Design Thinking Singapore’s Future: What is Holding Us Back from Change?

A few weeks ago, the Prime Minister of Singapore, Mr. Lee Hsien Loong said: “Good design thinking was a key reason for Singapore’s successful journey from a third world country to first, and it will be critical in the country’s future transformation…

Indeed, Singapore is where we are today is by Design. Nothing can take this away from us. As Mr. Lee said, our founding fathers did a great job in understanding and defining problems, generate solutions, prototype, test, and review. All these steps are key pillars of any proven Design Thinking process.

While Design Thinking is a proven process to move forward, the “ingredients” driving the context for this process are now very different. I would argue that we have a far more difficult job today than our founding fathers. The irony being that Singapore’s successes may ultimately hold us back.

SG100: Incremental improvements or Radical change?

A few years ago, we celebrated our 50 years of independence. Will the next 50 years (SG100) be more of the same as we have now? Or is there a need for a radical change that will take us towards a better future? 

Actually, many of the solutions and policies our founders created then were radical and different. Fortunately, most of the policies proved to be right thereby making life better for many citizens and forming the country we know today. But are these solutions still relevant in today’s context? 

If we decide that change is required how are we going to better understand our enabling factors and roadblocks so that we can better frame the problems to be solved? 

A Better Framework to Contextualise Problems

Whenever innovators try to create impactful change, we tend to frame our challenges through three lenses: “things we own”, “things we do”, and “things we measure ourselves by”.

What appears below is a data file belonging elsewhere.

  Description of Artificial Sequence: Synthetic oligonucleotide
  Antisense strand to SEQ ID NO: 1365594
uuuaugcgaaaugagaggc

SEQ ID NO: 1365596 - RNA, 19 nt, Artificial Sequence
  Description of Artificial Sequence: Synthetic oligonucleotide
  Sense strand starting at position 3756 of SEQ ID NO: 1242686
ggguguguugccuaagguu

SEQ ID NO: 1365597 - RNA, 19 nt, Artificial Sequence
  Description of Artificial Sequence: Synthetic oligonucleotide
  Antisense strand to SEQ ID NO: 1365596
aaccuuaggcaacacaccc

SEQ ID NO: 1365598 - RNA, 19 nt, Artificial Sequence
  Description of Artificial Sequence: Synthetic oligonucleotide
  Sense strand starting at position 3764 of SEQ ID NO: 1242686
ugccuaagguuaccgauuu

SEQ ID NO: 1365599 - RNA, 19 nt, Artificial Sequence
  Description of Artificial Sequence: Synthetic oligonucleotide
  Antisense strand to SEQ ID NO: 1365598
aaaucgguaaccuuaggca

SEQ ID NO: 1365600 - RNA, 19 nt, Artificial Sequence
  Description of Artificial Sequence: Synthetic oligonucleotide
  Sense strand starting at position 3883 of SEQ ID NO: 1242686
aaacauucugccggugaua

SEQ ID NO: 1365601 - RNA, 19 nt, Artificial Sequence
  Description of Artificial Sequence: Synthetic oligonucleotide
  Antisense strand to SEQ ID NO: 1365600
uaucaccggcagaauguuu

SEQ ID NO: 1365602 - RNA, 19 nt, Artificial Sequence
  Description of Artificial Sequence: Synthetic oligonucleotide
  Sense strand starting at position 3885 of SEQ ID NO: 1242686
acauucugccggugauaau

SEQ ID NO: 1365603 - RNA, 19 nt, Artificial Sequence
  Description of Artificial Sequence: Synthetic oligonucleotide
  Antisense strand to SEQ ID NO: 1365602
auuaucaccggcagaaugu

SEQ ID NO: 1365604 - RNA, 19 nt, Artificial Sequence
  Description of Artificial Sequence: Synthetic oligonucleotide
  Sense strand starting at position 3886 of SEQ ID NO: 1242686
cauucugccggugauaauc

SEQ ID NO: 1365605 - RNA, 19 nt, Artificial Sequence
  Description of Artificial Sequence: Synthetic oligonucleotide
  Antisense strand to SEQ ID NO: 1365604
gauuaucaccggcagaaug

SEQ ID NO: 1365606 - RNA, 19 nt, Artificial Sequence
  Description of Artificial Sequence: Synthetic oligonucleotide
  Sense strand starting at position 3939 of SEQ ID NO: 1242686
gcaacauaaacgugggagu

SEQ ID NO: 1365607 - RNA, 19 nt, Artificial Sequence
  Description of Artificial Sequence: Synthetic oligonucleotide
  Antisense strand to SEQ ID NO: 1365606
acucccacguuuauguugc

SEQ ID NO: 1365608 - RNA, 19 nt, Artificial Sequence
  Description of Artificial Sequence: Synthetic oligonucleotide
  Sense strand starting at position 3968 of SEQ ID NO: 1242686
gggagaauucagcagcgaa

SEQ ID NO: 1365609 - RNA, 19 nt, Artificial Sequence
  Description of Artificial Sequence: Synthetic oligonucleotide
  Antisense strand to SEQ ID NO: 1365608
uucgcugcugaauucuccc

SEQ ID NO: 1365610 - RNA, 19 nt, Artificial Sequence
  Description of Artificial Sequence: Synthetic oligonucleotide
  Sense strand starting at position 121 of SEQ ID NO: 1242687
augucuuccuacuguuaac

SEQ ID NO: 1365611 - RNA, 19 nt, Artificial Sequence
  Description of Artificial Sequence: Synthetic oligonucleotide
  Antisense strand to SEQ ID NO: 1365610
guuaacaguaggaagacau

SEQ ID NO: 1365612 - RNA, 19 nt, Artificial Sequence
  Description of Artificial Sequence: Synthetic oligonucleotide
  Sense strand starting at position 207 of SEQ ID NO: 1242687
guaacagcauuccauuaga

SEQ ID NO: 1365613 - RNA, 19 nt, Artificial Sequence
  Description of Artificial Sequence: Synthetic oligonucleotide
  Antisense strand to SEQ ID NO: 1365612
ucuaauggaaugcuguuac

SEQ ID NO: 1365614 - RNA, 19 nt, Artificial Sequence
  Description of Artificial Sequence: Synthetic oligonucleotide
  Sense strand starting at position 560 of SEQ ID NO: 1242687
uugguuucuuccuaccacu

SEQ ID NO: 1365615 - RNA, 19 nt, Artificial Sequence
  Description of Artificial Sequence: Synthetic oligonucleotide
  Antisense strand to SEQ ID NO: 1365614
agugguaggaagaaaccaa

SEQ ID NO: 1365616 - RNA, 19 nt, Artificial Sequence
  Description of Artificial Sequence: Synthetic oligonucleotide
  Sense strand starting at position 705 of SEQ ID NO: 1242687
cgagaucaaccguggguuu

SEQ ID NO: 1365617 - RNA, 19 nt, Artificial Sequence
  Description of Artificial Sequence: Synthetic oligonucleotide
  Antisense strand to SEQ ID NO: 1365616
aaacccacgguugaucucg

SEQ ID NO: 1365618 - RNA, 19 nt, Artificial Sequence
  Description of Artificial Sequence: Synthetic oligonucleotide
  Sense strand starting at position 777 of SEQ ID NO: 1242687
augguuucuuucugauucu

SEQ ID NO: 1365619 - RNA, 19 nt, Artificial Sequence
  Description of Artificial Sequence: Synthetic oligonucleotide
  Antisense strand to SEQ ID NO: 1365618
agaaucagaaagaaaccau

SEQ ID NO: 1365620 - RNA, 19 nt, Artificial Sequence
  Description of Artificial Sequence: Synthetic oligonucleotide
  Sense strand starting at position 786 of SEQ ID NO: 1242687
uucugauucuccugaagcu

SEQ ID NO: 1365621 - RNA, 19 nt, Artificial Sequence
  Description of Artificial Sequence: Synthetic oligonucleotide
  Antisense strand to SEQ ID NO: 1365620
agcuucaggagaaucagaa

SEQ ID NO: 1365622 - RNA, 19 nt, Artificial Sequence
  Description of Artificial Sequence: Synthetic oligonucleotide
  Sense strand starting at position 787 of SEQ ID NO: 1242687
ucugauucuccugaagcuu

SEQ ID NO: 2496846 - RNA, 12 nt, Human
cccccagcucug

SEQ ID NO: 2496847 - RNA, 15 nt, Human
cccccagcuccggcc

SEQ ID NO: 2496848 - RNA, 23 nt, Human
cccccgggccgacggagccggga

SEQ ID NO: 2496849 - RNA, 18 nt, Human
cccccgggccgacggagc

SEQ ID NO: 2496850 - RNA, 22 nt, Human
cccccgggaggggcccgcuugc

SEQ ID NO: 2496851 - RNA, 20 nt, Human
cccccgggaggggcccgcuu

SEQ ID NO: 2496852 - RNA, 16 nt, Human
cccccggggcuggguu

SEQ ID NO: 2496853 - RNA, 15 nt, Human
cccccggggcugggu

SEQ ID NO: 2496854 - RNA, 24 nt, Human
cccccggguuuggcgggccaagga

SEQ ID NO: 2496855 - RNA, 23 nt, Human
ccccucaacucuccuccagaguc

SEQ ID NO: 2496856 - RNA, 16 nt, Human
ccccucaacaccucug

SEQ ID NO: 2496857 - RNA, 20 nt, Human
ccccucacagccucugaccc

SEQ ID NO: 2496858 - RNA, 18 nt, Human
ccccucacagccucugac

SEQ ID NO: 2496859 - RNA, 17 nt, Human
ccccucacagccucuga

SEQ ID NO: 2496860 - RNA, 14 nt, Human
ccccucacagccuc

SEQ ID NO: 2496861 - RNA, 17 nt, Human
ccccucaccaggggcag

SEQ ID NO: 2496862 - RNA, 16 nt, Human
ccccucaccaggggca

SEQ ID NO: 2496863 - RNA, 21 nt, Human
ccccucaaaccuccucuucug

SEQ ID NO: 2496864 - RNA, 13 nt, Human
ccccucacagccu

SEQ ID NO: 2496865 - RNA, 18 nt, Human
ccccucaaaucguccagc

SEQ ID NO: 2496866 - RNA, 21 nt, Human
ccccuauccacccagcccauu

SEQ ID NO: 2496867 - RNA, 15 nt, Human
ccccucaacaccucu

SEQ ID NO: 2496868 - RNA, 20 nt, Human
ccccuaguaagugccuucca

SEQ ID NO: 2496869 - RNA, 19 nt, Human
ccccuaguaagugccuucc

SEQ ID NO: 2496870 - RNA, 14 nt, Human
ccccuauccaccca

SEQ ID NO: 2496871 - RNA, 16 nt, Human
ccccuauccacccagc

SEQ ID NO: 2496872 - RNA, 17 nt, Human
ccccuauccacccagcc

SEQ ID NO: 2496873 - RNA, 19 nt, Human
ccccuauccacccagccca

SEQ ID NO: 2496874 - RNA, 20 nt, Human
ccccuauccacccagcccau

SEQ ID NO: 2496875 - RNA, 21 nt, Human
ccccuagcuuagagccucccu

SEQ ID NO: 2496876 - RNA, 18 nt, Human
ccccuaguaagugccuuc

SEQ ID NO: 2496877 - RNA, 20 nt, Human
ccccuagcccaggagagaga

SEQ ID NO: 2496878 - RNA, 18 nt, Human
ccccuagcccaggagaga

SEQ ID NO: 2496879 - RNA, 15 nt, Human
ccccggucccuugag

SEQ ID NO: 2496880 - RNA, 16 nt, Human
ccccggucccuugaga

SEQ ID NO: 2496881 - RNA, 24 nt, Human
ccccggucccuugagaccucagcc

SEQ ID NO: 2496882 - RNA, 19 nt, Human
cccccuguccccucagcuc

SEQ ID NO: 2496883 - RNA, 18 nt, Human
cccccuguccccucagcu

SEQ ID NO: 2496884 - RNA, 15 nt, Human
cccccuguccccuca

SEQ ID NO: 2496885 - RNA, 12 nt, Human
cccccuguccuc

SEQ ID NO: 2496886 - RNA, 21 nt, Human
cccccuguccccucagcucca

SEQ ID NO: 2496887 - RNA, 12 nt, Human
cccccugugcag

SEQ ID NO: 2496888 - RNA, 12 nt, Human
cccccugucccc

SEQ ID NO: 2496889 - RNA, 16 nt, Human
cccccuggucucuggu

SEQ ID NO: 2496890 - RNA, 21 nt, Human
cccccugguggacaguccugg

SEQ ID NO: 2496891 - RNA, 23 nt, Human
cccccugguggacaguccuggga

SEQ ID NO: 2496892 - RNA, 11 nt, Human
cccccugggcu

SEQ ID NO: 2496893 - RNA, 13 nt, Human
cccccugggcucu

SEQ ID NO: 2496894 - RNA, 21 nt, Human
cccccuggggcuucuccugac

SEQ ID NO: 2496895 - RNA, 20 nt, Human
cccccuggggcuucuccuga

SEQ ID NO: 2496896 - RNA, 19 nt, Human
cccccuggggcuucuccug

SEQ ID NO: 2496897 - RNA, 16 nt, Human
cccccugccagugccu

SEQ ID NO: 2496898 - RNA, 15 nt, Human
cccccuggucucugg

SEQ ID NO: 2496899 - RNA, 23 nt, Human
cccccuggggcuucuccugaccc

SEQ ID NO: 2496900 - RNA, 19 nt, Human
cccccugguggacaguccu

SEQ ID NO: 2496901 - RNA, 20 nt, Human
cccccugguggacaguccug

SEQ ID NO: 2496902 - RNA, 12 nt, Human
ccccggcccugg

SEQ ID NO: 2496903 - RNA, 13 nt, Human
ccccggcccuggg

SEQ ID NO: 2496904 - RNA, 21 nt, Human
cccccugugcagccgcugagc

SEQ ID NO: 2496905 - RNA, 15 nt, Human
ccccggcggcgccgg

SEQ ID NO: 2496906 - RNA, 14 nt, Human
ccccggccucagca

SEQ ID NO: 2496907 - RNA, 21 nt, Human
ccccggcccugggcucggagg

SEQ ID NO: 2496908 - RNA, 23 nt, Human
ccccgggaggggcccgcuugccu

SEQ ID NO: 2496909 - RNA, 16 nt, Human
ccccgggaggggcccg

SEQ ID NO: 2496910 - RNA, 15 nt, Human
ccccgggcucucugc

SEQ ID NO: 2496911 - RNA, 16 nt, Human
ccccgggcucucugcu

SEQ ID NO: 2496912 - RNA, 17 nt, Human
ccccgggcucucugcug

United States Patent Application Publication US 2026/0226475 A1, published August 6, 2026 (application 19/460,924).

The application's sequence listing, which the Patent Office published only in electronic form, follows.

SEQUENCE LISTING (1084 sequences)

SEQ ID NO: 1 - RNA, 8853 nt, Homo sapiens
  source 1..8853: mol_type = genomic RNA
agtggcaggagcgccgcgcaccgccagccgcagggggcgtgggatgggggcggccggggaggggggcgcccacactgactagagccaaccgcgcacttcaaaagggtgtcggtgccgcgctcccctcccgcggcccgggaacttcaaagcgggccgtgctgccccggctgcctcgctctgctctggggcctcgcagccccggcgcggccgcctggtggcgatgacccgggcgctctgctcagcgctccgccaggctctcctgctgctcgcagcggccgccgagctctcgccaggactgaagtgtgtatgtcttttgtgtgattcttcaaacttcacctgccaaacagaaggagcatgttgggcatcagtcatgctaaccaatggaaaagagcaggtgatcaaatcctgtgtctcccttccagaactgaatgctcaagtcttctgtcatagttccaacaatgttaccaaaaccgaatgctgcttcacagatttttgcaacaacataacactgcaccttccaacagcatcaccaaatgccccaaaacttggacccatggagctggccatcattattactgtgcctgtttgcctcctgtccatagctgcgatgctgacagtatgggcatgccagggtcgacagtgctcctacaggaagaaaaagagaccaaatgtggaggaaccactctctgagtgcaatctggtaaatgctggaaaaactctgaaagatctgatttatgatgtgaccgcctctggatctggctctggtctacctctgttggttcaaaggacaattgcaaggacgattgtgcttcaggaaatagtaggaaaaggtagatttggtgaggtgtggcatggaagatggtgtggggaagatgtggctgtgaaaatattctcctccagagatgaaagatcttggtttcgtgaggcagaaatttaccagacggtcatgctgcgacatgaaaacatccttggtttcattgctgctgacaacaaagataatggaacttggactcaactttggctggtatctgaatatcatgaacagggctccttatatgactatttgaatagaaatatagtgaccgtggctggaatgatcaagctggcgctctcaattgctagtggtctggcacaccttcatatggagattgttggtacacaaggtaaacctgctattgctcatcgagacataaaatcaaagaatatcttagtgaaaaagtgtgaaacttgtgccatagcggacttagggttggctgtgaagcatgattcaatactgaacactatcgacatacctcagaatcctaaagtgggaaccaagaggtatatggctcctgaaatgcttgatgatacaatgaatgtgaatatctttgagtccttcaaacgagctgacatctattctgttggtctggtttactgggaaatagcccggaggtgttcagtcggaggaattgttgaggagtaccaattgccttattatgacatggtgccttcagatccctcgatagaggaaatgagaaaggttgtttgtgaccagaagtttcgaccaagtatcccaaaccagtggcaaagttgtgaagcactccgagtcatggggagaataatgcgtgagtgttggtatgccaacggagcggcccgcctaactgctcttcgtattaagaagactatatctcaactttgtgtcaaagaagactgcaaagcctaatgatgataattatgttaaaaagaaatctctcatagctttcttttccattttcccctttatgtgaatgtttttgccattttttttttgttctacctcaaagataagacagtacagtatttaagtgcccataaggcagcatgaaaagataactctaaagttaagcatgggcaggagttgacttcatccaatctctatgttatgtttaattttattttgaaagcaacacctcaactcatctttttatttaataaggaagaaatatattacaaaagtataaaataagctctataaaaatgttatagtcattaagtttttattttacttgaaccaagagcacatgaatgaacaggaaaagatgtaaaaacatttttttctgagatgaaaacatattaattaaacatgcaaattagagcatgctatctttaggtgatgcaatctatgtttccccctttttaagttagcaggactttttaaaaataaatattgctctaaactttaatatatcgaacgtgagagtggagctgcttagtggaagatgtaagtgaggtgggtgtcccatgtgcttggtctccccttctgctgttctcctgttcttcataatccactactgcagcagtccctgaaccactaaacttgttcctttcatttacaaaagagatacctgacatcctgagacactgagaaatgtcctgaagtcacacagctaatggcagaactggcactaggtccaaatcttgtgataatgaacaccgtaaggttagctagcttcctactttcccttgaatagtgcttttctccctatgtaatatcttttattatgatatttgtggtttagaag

Things we own” are assets we build, buy and/or make. For example, if we want a future in sustainable energy, how can we invest deeply in this future without jeopardising the value we have created in Jurong Island’s oil refinery activities? How can we create a credible “Smart Nation” when the majority of our homes do not have the wiring/wireless infrastructure to enable this? On a smaller scale, you might wonder if a universal payment system like Allipay or WeChat Pay will happen in Singapore when we have invested so much in a “state of the art” credit card infrastructure both in our pockets and in retail shops. It is hard to let things go when so much effort has been taken, or so many livelihoods depend on it.

Our processes and culture dictate the “things we do”. How can we solve wicked problems highlighted by Mr Lee in having to raise fares in public transport? Especially, when civil servants fall under intense criticism and scrutiny? If daring to “fail” is a hallmark of creativity, then how can we expect the various government agencies dare to make a difference? Won’t our “Kiasu” (Hokkien for cannot lose out) and “Kiasi” (Hokkien for afraid to die) culture lead us down a path of mediocrity as we just end up preferring the status quo rather than exploring a new unknown.

Finally, the “things we measure ourselves by” implies how we measure success. Most of the time this is related to money. If you had a very well paying job, would you consider changing it even if it will be obsolete in a few years? For example, could banks give up relationship managers when there seems to be a future in Robo-Investing? In a Singapore context, the analogy would perhaps be our GDP. If we refer to the Singapore Statistics, the manufacturing sector (the largest contributor to our GDP) declined to 19.2% in 2017 from a high of 28.2% in 2004. This was something we last experienced in the early 1970’s! We struggle against other countries with a much lower cost base and an amazing capacity to learn. How do we rethink Singapore’s economic engines when our largest contributor to our GDP could hold us at bay? 

Keep Moving Forward

I agree with the Prime Minister; by using Design Thinking the possibilities are endless for our beloved country, but we must also be aware what is holding us back from truly reimagining what the future could be.

I leave you a final analogy. I hate to use Apple but everyone gets it. Apple was struggling in a world of computing giants. Under the strong leadership of one man, the company became a huge success. Apple’s current CEO has many of the same problems as we have as a nation. So what should Apple do? Perhaps our answer is not that foreign after all.

I love to hear what you think about this post, so let us have a conversation by leaving your comments and feedback below.

This article was originally posted on LinkedIn on April 28, 2018.

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